Science writers like Gould, Goodenough, Sagan, or Dawkins often aspire to communicate the wonder they feel at the beauty, complexity, and diversity of nature. It's a natural consequence of a career in science—perhaps even a prerequisite for one—to marvel at stars in the sky or strange creatures of the deep, or even the miracle of our own flesh. Great science writing tries to transmit that same sense of amazement to the reader. In return, all too often these writers are paid the backhanded compliment that they, who do not believe in spirits, are "spiritual;" that the joy they take in the universe is their "religion."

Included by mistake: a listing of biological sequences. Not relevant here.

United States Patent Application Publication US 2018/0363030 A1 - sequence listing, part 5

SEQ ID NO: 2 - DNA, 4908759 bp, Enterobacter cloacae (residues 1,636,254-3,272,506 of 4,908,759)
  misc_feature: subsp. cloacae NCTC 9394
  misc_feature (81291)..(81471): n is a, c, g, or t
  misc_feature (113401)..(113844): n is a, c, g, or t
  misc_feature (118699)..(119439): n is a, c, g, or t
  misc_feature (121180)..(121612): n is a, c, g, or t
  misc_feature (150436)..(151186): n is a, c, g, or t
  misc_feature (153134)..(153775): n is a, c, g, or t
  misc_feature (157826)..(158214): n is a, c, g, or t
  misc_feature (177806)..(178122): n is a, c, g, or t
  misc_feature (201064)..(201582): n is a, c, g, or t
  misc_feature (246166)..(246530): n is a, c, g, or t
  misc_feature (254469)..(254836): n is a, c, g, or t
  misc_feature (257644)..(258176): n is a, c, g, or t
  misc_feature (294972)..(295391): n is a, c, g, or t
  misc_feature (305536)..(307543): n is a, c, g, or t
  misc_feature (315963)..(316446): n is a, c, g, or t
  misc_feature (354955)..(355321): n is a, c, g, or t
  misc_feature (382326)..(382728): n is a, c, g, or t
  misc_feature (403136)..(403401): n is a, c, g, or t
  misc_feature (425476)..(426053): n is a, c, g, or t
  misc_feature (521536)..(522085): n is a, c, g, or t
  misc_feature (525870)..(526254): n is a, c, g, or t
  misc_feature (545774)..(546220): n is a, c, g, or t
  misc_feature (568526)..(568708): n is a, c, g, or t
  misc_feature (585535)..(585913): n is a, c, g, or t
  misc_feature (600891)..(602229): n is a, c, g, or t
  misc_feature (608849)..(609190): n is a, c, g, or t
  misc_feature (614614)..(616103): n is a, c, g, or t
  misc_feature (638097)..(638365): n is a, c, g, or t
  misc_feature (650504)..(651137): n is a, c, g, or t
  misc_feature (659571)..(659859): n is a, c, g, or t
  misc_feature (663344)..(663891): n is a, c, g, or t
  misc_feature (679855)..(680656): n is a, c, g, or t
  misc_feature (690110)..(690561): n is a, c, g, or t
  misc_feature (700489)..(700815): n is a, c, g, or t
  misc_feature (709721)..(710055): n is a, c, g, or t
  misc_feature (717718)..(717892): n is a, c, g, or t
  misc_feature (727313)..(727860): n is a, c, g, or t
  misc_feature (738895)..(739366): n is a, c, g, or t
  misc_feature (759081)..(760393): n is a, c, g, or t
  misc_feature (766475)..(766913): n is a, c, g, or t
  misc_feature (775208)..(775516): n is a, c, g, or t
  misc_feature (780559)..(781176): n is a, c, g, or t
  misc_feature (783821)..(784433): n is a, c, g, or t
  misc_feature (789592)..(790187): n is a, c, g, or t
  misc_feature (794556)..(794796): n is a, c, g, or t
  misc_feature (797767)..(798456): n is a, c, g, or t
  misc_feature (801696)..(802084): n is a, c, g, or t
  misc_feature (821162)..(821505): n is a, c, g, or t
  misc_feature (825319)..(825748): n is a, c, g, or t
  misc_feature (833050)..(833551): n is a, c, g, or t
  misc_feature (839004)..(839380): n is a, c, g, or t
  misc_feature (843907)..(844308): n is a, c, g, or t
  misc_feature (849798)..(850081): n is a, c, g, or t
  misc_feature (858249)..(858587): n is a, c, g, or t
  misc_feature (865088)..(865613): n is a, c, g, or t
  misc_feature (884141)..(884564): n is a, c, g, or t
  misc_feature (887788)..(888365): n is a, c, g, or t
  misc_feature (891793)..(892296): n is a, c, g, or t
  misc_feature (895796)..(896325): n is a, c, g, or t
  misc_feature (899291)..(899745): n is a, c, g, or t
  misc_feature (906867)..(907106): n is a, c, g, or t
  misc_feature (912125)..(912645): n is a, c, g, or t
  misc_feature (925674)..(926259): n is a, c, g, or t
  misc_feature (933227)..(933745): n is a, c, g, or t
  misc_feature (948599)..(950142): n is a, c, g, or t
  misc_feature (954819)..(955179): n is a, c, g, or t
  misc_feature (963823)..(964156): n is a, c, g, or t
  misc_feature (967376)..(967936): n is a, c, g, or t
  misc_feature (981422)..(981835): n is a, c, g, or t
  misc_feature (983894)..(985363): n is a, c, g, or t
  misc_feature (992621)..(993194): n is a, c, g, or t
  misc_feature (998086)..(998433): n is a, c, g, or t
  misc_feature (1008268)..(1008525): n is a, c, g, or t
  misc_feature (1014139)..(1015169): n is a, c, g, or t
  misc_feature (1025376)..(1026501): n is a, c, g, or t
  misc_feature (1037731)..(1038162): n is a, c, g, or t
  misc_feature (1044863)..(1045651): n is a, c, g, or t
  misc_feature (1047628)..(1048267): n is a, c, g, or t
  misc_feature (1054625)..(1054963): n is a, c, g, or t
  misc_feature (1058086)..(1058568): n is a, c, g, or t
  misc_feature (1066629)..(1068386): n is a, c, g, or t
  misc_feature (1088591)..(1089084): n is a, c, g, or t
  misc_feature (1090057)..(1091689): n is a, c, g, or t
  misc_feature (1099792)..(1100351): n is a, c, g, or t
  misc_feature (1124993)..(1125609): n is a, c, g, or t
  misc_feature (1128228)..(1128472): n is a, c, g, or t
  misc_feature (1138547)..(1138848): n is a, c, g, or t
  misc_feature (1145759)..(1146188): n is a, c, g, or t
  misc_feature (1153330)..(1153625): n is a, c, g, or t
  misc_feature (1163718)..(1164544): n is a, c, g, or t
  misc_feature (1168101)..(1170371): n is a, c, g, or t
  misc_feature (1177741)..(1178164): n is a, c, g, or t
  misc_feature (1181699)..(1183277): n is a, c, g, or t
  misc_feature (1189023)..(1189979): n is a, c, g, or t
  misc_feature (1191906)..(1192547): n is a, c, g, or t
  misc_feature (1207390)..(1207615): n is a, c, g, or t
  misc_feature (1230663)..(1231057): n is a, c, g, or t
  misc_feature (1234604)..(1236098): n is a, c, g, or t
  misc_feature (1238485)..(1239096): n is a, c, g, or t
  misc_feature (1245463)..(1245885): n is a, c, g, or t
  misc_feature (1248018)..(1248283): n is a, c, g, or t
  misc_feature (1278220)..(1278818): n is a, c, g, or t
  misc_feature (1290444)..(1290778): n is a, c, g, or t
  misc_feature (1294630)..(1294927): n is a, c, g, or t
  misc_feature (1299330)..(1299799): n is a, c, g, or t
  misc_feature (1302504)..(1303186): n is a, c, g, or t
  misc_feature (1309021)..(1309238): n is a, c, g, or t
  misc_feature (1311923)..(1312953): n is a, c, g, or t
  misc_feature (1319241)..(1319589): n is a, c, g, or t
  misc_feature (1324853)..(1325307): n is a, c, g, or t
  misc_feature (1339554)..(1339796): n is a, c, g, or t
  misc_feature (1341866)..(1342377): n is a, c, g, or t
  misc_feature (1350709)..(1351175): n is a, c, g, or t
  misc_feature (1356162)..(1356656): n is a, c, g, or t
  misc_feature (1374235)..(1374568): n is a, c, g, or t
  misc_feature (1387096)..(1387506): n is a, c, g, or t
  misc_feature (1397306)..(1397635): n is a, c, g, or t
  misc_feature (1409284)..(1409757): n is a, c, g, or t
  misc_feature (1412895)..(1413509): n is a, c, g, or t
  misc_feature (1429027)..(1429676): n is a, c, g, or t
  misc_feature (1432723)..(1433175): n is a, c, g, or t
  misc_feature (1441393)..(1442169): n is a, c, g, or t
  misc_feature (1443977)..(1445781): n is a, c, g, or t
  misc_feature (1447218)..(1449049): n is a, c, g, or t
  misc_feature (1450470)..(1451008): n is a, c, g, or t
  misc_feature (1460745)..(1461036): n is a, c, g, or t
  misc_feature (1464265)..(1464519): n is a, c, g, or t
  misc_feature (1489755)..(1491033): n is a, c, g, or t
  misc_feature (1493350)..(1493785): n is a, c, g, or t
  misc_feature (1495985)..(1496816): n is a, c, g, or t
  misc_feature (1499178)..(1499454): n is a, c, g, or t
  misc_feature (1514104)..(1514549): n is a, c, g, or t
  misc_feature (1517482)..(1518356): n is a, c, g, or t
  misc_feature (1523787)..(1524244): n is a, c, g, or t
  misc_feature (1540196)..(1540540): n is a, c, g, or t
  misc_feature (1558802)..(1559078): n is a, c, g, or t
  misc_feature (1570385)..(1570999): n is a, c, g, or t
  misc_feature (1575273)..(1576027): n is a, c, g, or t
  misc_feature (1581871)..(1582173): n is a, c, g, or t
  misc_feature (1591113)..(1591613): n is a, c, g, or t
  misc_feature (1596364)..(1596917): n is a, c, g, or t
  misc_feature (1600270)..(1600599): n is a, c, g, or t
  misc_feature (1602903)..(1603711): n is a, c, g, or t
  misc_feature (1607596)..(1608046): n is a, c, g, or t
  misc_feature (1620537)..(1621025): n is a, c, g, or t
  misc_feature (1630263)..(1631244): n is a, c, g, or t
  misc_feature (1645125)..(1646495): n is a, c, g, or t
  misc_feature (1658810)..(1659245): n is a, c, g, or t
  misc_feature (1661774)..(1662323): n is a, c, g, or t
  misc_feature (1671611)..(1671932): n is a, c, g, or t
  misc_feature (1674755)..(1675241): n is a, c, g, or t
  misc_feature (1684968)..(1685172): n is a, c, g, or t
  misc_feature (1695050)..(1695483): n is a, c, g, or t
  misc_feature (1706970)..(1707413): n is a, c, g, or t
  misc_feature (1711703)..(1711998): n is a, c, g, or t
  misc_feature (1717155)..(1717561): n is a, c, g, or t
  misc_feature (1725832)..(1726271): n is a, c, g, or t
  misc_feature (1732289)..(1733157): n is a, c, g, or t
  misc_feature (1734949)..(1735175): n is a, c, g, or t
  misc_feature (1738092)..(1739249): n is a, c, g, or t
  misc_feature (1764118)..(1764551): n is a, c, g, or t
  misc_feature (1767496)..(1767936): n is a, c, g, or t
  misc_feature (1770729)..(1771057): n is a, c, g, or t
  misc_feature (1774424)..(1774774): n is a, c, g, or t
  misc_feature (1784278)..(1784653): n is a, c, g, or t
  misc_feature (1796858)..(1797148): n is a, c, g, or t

"But is religion the right word?" asks eminent Oxford scholar Richard Dawkins in his newest book, The God Delusion. Though the appropriation of the term may seem innocuous, in Dawkins's view it's part of a larger and more dangerous trend. His reply—"I don't think so"—sets the tone for the book. (click for full review)
http://rapidshare.com/files/118956439/kitap3.rar (1794 KB, şifre: 3kitap1)